March 26th, 2012, 02:38 PM #651
True - I know that I'm actually very lucky in that I really enjoy school.
I know what you mean; we're in that stage as well at the moment. I want it to be Easter, so that I can relax, but equally it feels like we have far too few lessons left before exams start, and I'll have to revise in the holidays anyway! I would tell you not to panic, but I know that's just annoying because it's far easier said than done. My response to situations like this tends to be to try and live in denial for as long as I possibly can, then revise frantically - maybe less stressful (well, at least at this point) but also not a strategy I can recommend.
Good luck for your French oral! Oral exams are horrible, and it must be especially bad if you're entered for an exam intended for native speakers. At least afterwards you'll have it out of the way and it'll be one fewer thing to worry about come May.
The weather's so beautiful at the moment that it seems wrong to be sitting inside revising all day...
March 27th, 2012, 01:06 PM #652
Yep, my mum's bought tickets to Norway - and instead of rejoicing, I kind of freaked out about loss of revision time...I know that I'll cram all holidays anyway, wherever we are, otherwise I'll end up feeling mildly ill with panic. It doesn't help that several of my friends are annoyingly perfect revision obsessives who carry around A5 folders of carefully-highlighted notes everywhere. I don't really revise that way, admittedly - I absorb information fairly well from textbooks - but it still puts me on edge, as if I should be doing the same. Good luck with the ASs, by the way!
I can blab indefinitely in German, but French sometimes freezes my entire brain for several seconds. I hope I'm scared enough on the day to think more quickly and frantically than usual.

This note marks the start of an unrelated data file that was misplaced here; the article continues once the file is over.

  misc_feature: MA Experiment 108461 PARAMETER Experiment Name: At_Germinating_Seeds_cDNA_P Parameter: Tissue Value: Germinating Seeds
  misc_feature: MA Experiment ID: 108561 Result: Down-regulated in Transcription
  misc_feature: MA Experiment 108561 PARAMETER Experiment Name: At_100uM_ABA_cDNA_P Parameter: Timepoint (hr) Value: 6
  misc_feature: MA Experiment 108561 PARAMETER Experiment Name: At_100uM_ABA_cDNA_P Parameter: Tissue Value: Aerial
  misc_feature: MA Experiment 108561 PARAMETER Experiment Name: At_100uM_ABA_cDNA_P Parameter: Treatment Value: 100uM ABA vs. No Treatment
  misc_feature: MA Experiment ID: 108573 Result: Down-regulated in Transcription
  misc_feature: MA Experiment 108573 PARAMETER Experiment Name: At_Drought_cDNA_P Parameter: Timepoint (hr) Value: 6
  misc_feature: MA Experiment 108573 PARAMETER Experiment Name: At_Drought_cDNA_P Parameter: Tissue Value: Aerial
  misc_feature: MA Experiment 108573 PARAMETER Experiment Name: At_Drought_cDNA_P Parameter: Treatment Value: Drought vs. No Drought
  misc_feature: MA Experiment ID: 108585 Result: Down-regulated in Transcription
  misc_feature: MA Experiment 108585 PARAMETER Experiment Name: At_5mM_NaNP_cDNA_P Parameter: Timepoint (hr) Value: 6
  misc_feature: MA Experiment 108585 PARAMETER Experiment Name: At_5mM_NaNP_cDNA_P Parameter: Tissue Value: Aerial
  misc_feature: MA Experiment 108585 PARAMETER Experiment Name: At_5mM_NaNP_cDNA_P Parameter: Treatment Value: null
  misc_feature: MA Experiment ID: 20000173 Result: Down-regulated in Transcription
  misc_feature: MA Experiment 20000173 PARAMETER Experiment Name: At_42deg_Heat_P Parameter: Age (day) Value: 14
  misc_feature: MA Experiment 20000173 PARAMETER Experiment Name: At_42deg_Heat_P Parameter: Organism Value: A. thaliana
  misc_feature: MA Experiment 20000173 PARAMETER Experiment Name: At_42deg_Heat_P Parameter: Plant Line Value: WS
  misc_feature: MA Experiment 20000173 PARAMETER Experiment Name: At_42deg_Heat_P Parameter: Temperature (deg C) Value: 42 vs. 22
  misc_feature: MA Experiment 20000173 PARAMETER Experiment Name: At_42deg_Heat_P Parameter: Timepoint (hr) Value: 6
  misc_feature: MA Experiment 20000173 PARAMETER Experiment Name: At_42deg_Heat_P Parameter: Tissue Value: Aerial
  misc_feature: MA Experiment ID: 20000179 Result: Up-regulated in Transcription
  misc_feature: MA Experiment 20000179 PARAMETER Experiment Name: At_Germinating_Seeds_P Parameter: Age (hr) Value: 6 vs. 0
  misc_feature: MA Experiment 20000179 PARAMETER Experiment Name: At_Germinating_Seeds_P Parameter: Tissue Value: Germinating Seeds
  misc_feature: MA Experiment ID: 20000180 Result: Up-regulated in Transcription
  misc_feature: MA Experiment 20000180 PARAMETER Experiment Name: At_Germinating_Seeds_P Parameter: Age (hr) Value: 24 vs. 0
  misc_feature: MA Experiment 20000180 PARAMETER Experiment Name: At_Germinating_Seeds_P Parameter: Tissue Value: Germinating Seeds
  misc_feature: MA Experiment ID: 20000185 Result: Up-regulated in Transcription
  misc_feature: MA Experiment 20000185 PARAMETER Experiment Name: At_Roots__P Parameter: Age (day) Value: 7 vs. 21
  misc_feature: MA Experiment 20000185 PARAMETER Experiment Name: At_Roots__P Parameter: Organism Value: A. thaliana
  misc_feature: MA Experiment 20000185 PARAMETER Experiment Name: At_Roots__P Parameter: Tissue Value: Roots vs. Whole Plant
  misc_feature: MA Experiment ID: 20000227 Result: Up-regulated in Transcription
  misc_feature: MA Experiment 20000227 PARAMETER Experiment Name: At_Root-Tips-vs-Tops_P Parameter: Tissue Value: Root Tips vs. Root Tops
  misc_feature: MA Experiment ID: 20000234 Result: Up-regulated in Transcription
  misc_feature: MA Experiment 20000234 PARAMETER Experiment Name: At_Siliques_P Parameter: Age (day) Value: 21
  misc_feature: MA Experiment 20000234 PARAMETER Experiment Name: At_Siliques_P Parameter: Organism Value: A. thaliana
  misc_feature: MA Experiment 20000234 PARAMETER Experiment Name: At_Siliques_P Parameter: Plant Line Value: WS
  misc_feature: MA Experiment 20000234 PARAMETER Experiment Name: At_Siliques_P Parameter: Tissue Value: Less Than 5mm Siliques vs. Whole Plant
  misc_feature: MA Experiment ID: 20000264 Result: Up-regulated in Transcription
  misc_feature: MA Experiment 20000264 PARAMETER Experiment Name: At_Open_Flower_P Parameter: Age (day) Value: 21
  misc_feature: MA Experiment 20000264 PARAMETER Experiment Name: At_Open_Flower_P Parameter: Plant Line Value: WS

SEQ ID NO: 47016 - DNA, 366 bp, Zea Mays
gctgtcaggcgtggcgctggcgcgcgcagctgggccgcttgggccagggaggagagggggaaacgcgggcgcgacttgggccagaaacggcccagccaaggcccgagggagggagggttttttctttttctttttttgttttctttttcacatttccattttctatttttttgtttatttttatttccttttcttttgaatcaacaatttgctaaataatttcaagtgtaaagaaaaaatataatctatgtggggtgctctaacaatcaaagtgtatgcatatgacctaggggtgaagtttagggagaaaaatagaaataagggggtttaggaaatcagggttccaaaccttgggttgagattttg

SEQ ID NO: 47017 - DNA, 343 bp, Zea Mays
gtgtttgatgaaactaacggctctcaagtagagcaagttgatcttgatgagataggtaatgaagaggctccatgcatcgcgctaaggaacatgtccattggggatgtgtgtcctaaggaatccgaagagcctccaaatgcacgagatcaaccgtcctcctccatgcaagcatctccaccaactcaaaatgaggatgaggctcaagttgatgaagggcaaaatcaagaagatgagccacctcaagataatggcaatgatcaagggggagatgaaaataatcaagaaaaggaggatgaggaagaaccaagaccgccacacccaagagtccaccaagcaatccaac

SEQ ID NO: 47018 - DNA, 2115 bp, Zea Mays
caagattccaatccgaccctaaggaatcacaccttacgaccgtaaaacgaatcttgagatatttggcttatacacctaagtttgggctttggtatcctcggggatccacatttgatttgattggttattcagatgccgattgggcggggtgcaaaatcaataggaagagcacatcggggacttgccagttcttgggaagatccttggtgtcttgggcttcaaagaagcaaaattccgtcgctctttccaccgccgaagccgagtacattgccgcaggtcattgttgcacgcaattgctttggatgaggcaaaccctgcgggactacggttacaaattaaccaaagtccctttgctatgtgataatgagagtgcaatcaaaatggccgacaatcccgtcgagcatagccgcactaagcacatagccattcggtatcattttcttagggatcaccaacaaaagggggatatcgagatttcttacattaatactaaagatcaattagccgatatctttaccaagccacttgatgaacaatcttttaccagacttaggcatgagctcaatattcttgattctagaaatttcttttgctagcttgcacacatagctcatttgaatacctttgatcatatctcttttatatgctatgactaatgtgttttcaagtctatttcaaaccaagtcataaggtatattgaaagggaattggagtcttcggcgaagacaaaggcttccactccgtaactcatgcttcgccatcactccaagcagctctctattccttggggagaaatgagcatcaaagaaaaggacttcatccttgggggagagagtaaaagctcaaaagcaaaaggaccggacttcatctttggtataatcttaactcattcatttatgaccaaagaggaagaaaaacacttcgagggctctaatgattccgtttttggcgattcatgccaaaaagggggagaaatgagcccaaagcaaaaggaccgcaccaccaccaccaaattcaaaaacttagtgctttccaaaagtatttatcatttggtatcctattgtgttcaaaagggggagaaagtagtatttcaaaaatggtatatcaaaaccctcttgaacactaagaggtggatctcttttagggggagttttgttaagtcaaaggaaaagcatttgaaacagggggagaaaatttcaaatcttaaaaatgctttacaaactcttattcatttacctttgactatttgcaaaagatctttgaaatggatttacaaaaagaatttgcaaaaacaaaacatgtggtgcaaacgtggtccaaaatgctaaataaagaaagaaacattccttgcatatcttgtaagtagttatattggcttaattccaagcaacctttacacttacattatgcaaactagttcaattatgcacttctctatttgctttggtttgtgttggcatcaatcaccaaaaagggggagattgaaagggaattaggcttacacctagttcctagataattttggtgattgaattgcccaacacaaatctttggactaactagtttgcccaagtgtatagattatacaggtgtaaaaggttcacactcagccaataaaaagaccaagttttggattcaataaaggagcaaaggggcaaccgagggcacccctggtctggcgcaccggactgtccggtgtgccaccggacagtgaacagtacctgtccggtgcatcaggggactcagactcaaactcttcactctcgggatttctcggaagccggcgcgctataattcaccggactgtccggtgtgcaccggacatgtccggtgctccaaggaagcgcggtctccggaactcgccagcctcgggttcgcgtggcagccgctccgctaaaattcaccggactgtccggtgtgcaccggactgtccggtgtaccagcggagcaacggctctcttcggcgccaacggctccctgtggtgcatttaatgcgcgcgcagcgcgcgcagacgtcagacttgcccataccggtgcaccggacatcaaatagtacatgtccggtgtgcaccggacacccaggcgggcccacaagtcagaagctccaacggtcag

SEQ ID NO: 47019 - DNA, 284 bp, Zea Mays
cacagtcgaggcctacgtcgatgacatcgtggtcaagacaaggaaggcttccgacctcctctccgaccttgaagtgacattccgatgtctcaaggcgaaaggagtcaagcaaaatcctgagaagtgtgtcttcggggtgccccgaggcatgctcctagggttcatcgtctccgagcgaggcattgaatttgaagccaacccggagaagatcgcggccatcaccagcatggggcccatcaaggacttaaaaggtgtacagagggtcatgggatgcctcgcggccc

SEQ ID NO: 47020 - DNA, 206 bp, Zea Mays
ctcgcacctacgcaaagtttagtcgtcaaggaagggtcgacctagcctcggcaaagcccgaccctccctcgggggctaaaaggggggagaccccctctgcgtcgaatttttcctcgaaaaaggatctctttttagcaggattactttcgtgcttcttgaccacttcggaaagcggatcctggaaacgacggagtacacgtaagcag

Revise outside! I actually revise better in unfamiliar environments. I should ask for a Starbucks grant from my school in the name of improved study.
March 27th, 2012, 04:12 PM #653
It must be so stressful to know that you have to revise but be on holiday. Maybe have fun during the day and make the most of being abroad, then revise in the evening? Or construct some other vague structure that works around your priorities and ensures that you can relax for a good proportion of the time, and try not to stress out when you're not revising.
It should be a good unfamiliar environment for you when you're revising, too. Unfortunately I tend to get distracted in busy places like coffee shops, but I would nevertheless very much be up for subsidised drinks!
Seeing other people's revision notes put me on edge, too; if it's any consolation whatsoever, I found that there was very little correlation between who made the most perfect and elaborate notes and who performed better at GCSE; it's more about understanding the material. Unhelpful, I know (also I'm no good at taking any of this advice...)
Thanks! Good luck with your GCSEs, too - I'm sure your French will be OK; I froze for what seemed like ten seconds in one of my real German orals and I still got a good mark. If it goes wrong a bit, remember that it's going to seem worse to you than it actually is.
March 29th, 2012, 02:24 PM #654
Mmm, I'll probably try to catch up on revision after we get back to London and only do the bare minimum while away. Are you going anywhere in the holidays?
For some reason, the high level of ambient noise in a coffee shop really helps me. It's not specifically targeted at me like music would be, but also feels like less of a pressure than empty silence. Unfortunately all my friends seem to learn best by talking to me about the subject, while I prefer to sit in a corner reading for several hours until I feel comfortable with the material.
Exactly - rationally I know that, as long as I'm confident I know enough, the fact that I don't make crazily good notes is irrelevant. But I still get that uncomfortable doubtful feeling when I see other people's colourful flashcards!
I didn't pause too badly, luckily, but I did completely misunderstand one of the questions! It was one of about twenty, though, and my answer was tangentially related to the question, but I now know I have to get very good marks in the reading/writing and listening to bump up my oral mark. Because this was not very good. Urgh. But it's true - in debating, for example, you quickly notice that others don't pick up on your pauses nearly as much as you do!
March 30th, 2012, 12:30 PM #655
That's certainly a sensible way of managing your time on holiday, especially if you're not away for most of the time. I'm not going away myself, so it's a little easier.